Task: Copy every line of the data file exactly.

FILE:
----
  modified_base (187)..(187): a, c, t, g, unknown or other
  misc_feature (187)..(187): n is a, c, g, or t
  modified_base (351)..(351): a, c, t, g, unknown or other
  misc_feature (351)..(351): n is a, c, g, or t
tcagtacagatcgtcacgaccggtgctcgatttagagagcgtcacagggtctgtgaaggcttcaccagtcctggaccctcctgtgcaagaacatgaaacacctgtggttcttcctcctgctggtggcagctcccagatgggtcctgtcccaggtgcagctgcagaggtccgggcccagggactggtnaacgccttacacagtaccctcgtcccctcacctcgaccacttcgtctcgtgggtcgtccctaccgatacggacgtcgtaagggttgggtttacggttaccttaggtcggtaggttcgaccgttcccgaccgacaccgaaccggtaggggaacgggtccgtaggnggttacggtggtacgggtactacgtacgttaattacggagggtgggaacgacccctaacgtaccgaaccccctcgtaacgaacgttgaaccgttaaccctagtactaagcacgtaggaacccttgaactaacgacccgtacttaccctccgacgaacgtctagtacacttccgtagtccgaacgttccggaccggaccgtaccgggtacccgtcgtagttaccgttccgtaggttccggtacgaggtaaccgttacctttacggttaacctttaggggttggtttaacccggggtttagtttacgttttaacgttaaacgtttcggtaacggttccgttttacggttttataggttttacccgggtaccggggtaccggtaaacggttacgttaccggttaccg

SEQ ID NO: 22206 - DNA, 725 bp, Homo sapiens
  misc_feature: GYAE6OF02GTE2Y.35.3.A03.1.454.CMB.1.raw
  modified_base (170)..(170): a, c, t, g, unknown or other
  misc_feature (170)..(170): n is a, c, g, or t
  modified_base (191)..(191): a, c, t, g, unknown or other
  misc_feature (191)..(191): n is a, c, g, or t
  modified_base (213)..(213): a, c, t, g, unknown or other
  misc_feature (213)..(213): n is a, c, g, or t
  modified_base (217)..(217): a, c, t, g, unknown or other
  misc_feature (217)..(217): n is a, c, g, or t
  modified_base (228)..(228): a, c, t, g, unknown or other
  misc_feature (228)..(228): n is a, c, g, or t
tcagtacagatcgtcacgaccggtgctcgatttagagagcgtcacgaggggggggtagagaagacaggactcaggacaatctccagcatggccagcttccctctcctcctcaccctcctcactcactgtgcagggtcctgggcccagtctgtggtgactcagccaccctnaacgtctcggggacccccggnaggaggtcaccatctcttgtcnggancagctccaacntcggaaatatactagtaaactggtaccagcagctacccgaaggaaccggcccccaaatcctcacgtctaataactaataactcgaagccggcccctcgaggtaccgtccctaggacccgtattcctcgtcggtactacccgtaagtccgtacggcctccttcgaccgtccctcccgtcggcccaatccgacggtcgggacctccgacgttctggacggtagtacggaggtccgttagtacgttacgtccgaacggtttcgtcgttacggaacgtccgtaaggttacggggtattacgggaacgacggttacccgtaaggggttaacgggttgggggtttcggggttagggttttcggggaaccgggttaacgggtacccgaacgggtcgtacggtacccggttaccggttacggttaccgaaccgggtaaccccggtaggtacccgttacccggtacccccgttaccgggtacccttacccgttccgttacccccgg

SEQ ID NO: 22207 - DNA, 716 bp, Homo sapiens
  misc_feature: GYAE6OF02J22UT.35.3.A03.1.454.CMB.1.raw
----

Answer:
  modified_base (187)..(187): a, c, t, g, unknown or other
  misc_feature (187)..(187): n is a, c, g, or t
  modified_base (351)..(351): a, c, t, g, unknown or other
  misc_feature (351)..(351): n is a, c, g, or t
tcagtacagatcgtcacgaccggtgctcgatttagagagcgtcacagggtctgtgaaggcttcaccagtcctggaccctcctgtgcaagaacatgaaacacctgtggttcttcctcctgctggtggcagctcccagatgggtcctgtcccaggtgcagctgcagaggtccgggcccagggactggtnaacgccttacacagtaccctcgtcccctcacctcgaccacttcgtctcgtgggtcgtccctaccgatacggacgtcgtaagggttgggtttacggttaccttaggtcggtaggttcgaccgttcccgaccgacaccgaaccggtaggggaacgggtccgtaggnggttacggtggtacgggtactacgtacgttaattacggagggtgggaacgacccctaacgtaccgaaccccctcgtaacgaacgttgaaccgttaaccctagtactaagcacgtaggaacccttgaactaacgacccgtacttaccctccgacgaacgtctagtacacttccgtagtccgaacgttccggaccggaccgtaccgggtacccgtcgtagttaccgttccgtaggttccggtacgaggtaaccgttacctttacggttaacctttaggggttggtttaacccggggtttagtttacgttttaacgttaaacgtttcggtaacggttccgttttacggttttataggttttacccgggtaccggggtaccggtaaacggttacgttaccggttaccg

SEQ ID NO: 22206 - DNA, 725 bp, Homo sapiens
  misc_feature: GYAE6OF02GTE2Y.35.3.A03.1.454.CMB.1.raw
  modified_base (170)..(170): a, c, t, g, unknown or other
  misc_feature (170)..(170): n is a, c, g, or t
  modified_base (191)..(191): a, c, t, g, unknown or other
  misc_feature (191)..(191): n is a, c, g, or t
  modified_base (213)..(213): a, c, t, g, unknown or other
  misc_feature (213)..(213): n is a, c, g, or t
  modified_base (217)..(217): a, c, t, g, unknown or other
  misc_feature (217)..(217): n is a, c, g, or t
  modified_base (228)..(228): a, c, t, g, unknown or other
  misc_feature (228)..(228): n is a, c, g, or t
tcagtacagatcgtcacgaccggtgctcgatttagagagcgtcacgaggggggggtagagaagacaggactcaggacaatctccagcatggccagcttccctctcctcctcaccctcctcactcactgtgcagggtcctgggcccagtctgtggtgactcagccaccctnaacgtctcggggacccccggnaggaggtcaccatctcttgtcnggancagctccaacntcggaaatatactagtaaactggtaccagcagctacccgaaggaaccggcccccaaatcctcacgtctaataactaataactcgaagccggcccctcgaggtaccgtccctaggacccgtattcctcgtcggtactacccgtaagtccgtacggcctccttcgaccgtccctcccgtcggcccaatccgacggtcgggacctccgacgttctggacggtagtacggaggtccgttagtacgttacgtccgaacggtttcgtcgttacggaacgtccgtaaggttacggggtattacgggaacgacggttacccgtaaggggttaacgggttgggggtttcggggttagggttttcggggaaccgggttaacgggtacccgaacgggtcgtacggtacccggttaccggttacggttaccgaaccgggtaaccccggtaggtacccgttacccggtacccccgttaccgggtacccttacccgttccgttacccccgg

SEQ ID NO: 22207 - DNA, 716 bp, Homo sapiens
  misc_feature: GYAE6OF02J22UT.35.3.A03.1.454.CMB.1.raw